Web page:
There is? So little has been done so far, and even less seems to be brewing today. I think the dictatorship of fun has clouded everyone, and people have come to accept that dogma blindly, as there is very little pursuit of emotional expressiveness in video-games.

    Notice that enjoyment, fun and entertainment are very ambiguous terms. When I use the term fun, I’m specifically referring to that subconscious feeling of gratitude that comes from games. But we can extract enjoyment in many other ways. A sad drama might make you cry and still be an arresting experience, because it makes you feel powerful emotions that you can relate to. And that isn’t fun, it’s something else entirely.

    Cheers guys!

  3. Ok, you got me there. Even when I can say I had experience an array of emotions through gameplay (Silent Hill, Bioshock and Metal Gear Solid as just examples, which I can’t say are just “fun”, but definitely “enjoyable”), I can’t say I cry over gameplay (doesn’t mean it doesn’t exists, just that I haven’t found it). I still preffer the word enjoyment over fun, though…

    I think you are being too strict about games when you say “when you orient a game towards a certain type of experience you end up losing the other”. There is always the intenction of an artist, and that is not really to compromise. When you see Goya’s 3rd of May, there is an array of feelings you may felt, but I am pretty sure excitement is not one of them. The same can be said of Michelangelo’s Sistine chapel inspiring arousal. If you do, there is probably something wrong with you, or with the skills of the artist… Artists will always try to inspire a certain feeling or experience…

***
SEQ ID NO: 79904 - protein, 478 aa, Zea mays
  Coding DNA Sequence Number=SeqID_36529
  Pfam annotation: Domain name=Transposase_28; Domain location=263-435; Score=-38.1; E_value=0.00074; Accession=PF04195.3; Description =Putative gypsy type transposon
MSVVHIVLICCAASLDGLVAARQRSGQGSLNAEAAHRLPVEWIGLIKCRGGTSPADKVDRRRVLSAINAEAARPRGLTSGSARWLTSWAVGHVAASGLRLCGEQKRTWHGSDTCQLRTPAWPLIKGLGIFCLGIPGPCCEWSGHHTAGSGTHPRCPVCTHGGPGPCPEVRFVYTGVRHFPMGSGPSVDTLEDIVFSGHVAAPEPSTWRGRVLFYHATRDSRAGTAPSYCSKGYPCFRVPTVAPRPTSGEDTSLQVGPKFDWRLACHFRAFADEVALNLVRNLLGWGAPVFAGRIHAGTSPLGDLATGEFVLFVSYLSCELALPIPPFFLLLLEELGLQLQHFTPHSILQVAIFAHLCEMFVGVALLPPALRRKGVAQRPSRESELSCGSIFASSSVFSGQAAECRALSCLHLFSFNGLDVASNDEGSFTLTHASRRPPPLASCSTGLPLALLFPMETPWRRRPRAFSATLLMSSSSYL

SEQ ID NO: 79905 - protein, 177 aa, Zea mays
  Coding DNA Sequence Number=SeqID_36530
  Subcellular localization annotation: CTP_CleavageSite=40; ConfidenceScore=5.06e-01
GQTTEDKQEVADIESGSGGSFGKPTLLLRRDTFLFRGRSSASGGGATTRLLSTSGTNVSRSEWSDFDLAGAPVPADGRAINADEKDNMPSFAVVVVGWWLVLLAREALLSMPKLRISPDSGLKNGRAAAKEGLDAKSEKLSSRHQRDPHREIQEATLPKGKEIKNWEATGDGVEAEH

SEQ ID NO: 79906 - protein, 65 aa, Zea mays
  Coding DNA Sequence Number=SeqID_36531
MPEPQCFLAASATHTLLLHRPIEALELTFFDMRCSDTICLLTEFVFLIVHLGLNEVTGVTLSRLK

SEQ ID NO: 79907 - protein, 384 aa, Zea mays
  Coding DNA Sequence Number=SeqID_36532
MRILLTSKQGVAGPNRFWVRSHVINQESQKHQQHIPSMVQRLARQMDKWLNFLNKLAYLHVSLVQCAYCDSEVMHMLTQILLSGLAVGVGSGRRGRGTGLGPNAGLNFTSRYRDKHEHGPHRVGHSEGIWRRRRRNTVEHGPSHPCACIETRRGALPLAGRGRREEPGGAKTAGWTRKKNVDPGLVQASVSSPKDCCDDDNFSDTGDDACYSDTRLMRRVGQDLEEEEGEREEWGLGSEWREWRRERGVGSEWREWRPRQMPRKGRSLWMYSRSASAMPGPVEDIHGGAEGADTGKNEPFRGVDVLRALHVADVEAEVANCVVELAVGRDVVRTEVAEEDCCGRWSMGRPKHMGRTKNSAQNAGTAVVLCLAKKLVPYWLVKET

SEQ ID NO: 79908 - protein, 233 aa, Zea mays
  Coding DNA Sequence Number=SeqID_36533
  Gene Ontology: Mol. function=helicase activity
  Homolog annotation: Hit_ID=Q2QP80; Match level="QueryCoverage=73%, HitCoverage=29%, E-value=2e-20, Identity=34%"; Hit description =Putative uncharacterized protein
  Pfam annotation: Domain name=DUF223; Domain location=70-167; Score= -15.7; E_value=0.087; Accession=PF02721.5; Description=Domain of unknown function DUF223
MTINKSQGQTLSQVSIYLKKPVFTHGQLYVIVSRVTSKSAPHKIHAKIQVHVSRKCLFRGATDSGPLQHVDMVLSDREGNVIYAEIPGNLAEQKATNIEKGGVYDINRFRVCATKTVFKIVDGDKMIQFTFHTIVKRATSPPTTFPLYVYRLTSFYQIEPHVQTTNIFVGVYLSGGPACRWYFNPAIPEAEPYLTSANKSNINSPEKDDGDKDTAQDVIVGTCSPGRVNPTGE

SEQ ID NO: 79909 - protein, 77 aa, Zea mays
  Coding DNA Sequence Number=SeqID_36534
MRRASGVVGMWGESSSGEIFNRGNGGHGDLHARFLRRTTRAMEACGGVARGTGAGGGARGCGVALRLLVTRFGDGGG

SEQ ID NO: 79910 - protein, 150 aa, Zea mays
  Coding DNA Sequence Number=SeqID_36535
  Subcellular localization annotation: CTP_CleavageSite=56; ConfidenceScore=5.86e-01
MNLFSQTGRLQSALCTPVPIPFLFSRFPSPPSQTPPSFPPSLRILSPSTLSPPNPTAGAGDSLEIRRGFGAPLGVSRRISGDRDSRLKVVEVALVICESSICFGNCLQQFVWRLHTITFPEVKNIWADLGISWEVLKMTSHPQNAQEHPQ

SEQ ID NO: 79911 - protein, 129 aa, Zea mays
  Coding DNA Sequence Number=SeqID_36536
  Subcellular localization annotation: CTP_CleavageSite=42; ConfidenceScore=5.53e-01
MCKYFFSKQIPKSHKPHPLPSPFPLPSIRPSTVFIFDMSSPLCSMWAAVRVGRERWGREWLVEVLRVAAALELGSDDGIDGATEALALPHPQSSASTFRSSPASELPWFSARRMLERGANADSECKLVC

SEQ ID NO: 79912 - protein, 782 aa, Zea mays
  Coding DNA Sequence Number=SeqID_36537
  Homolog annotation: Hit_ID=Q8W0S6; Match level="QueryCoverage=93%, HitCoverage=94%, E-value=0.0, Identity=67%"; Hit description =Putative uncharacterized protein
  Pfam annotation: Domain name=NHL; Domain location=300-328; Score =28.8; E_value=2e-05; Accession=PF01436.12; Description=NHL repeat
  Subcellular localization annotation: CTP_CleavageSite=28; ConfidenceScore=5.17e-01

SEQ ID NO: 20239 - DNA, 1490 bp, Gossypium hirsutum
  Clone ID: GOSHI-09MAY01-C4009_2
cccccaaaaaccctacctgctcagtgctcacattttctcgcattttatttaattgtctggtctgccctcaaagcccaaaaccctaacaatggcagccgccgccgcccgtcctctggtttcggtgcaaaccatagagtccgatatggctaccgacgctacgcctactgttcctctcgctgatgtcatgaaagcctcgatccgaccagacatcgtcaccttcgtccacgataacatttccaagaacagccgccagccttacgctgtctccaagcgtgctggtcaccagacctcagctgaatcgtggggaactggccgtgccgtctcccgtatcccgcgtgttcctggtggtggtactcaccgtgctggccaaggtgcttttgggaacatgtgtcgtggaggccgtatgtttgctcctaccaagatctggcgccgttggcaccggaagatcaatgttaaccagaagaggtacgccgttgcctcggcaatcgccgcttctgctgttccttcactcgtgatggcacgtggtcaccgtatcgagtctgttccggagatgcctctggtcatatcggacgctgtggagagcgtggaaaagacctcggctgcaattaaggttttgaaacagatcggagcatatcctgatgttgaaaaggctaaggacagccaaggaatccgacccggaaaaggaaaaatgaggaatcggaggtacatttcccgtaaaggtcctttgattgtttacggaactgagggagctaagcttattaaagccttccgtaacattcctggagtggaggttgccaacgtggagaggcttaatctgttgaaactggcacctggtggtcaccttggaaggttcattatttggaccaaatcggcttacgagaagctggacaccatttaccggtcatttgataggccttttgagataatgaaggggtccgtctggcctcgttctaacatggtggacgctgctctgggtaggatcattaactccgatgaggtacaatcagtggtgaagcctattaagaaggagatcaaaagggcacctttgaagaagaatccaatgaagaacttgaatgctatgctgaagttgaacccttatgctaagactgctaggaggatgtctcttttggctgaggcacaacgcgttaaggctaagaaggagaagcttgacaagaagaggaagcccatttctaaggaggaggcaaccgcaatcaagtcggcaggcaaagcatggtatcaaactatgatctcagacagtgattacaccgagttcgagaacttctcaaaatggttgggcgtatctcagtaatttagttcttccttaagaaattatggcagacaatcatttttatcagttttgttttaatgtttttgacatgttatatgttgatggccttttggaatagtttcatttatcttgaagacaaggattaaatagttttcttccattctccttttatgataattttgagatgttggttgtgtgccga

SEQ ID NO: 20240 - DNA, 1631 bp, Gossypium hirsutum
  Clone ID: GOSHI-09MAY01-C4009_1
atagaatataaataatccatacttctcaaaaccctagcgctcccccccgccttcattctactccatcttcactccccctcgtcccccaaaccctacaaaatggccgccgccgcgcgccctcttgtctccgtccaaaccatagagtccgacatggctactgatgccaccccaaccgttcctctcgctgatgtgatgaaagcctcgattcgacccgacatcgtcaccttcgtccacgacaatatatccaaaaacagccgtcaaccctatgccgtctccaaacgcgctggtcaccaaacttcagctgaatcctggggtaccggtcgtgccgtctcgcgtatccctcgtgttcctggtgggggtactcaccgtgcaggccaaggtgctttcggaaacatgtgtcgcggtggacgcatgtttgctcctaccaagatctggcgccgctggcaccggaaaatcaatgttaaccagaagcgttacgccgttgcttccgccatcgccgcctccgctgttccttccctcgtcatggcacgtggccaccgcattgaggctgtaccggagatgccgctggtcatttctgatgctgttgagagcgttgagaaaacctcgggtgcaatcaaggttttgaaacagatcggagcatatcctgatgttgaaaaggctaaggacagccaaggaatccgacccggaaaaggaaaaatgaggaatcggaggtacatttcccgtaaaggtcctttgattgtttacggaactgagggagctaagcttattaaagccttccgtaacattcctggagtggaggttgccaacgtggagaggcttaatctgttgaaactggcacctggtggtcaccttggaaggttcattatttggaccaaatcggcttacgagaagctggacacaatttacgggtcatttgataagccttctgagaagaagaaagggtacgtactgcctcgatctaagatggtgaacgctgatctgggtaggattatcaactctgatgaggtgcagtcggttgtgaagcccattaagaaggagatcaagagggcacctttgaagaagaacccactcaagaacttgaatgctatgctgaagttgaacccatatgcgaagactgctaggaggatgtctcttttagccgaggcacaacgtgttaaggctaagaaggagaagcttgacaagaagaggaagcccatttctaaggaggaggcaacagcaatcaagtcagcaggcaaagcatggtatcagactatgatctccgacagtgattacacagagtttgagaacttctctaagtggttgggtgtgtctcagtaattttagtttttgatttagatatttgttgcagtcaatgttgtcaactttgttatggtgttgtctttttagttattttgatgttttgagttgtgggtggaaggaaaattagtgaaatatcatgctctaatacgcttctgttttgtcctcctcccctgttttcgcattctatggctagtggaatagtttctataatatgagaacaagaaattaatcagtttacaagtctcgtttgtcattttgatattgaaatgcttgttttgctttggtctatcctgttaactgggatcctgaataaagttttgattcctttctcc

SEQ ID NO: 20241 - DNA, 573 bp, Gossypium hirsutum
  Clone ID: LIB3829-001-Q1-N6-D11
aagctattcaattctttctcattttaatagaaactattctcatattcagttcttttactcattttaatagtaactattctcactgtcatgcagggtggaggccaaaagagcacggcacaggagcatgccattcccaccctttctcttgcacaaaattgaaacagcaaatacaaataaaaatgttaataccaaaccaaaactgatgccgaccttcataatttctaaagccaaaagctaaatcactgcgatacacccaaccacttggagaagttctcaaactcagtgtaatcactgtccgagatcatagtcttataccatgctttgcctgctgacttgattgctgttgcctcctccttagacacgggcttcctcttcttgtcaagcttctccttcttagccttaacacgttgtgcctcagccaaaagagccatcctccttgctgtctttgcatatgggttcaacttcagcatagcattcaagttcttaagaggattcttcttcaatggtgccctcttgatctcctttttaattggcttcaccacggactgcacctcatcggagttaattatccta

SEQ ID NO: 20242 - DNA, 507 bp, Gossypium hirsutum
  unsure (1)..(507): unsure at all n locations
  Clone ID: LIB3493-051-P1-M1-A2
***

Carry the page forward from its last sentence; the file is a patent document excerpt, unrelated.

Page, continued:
And I think there is uncatered potential in games. As I said on a previous post, it would be a grim world if we say: this is as far as it can be gone, everything is invented. I guess if you are feeling fatalist right now, there is not much I can say to it, but I think there has being changes in the medium since the atari ages up to now (beyond the available tools). Maybe I won’t see games’ Citizen Kane, but consider that it took films industry 40 years to reach that point… Truth to be told, there is more potential to find it in the independent side than the commercial, but that can also be said about music or movies.

    • Goro Ono
    • July 16th, 2009